WASHINGTON – Oil prices fell slightly Thursday but held near $62 a barrel amid violence in Nigeria and concerns that OPEC may reduce output when it meets next week.
A government report on U.S. natural gas inventories showed underground storage shrank slightly last week, leaving total inventories 9 percent above the five-year average for this time of year.
In Nigeria, officials said gunmen attacked an oil export terminal in the south belonging to a subsidiary of Italy's Eni SPA, killing one person and taking three Italians hostage.
Since the beginning of 2006, militant groups in Nigeria have attacked pipelines and taken workers hostage in violence that has kept about 500,000 barrels a day of Niger Delta crude off the market, although output has grown offshore Nigeria.
Also keeping prices firm in recent weeks is uncertainty ahead of a meeting next week of oil ministers from the Organization of Petroleum Exporting Countries. OPEC officials have been pressing in recent days for a cut in output on top of a production cut of 1.2 million barrels a day, approved in October.
In its weekly natural gas report the Energy Department said underground storage declined last week by 11 billion cubic feet to 3.4 trillion cubic feet, well above last year's 3.2 trillion cubic feet at the same time and far above the 3.1 trillion cubic feet five-year average.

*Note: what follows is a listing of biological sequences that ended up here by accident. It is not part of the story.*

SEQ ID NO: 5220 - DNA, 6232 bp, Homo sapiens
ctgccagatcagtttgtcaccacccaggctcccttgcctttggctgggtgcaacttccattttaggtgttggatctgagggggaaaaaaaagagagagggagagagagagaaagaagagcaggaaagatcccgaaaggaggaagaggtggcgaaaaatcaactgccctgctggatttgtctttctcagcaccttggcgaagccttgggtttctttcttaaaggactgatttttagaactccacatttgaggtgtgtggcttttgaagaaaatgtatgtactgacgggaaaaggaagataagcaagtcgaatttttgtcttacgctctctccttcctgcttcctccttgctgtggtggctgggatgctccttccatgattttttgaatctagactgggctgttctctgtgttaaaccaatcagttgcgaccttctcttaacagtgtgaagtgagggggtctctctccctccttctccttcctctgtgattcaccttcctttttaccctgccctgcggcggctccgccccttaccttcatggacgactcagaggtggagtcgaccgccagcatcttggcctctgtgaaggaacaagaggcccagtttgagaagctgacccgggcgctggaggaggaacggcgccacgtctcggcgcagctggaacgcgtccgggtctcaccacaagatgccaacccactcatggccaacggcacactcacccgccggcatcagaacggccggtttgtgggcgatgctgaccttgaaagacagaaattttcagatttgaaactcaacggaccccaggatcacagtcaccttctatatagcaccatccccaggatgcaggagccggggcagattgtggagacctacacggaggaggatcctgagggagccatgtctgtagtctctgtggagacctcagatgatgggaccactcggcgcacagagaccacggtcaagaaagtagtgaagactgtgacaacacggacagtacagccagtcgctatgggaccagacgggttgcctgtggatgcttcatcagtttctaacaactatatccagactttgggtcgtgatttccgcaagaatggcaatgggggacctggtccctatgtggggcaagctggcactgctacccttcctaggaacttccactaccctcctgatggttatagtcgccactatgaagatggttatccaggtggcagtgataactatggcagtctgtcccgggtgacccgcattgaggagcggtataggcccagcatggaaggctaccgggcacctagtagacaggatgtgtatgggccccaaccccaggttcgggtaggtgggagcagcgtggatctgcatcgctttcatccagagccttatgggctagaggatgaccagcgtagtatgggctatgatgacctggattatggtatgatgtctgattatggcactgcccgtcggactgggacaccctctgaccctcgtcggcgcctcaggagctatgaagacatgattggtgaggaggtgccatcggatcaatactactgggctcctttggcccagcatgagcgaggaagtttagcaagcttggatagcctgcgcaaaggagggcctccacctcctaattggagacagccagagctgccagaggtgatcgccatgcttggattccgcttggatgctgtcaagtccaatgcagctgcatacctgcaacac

Citigroup analyst Tim Evans said natural gas prices should be falling based on the data released by the Energy Department. While last week's withdrawal of inventory was slightly more than the 9 billion cubic feet the market was anticipating, it was still well below the 63 billion cubic feet five-year average for this time of year.
Light, sweet crude for January delivery on the New York Mercantile Exchange fell 19 cents to $62 a barrel. January Brent crude at London's ICE Futures exchange fell 24 cents to $62.83 a barrel.
In its petroleum supply report released Wednesday, the Energy Information Administration, the U.S. Department of Energy's statistical arm, said domestic inventories of crude oil fell by 1.1 million barrels last week to 339.7 million barrels, or 5.4 percent above year-ago levels. Also, refinery utilization rose 2.4 percentage points to 90.5 percent of operating capacity, signaling to some analysts that the seasonal refinery maintenance period may be coming to an end, allowing output of transportation and home-heating fuels to pick up in the weeks ahead.
The data comes amid expectations of milder temperatures in the United States. Temperatures in the Northeast, the nation's largest heating oil market, were expected to moderate later in the week, with the National Weather Service forecasting above-normal temperatures through most of the nation next week.
Heating oil futures fell 1.65 cent to $1.7775 a gallon on the Nymex, where unleaded gasoline futures were up less than a cent to $1.625 and natural gas futures fell 9 cents to $7.636 per 1,000 cubic feet.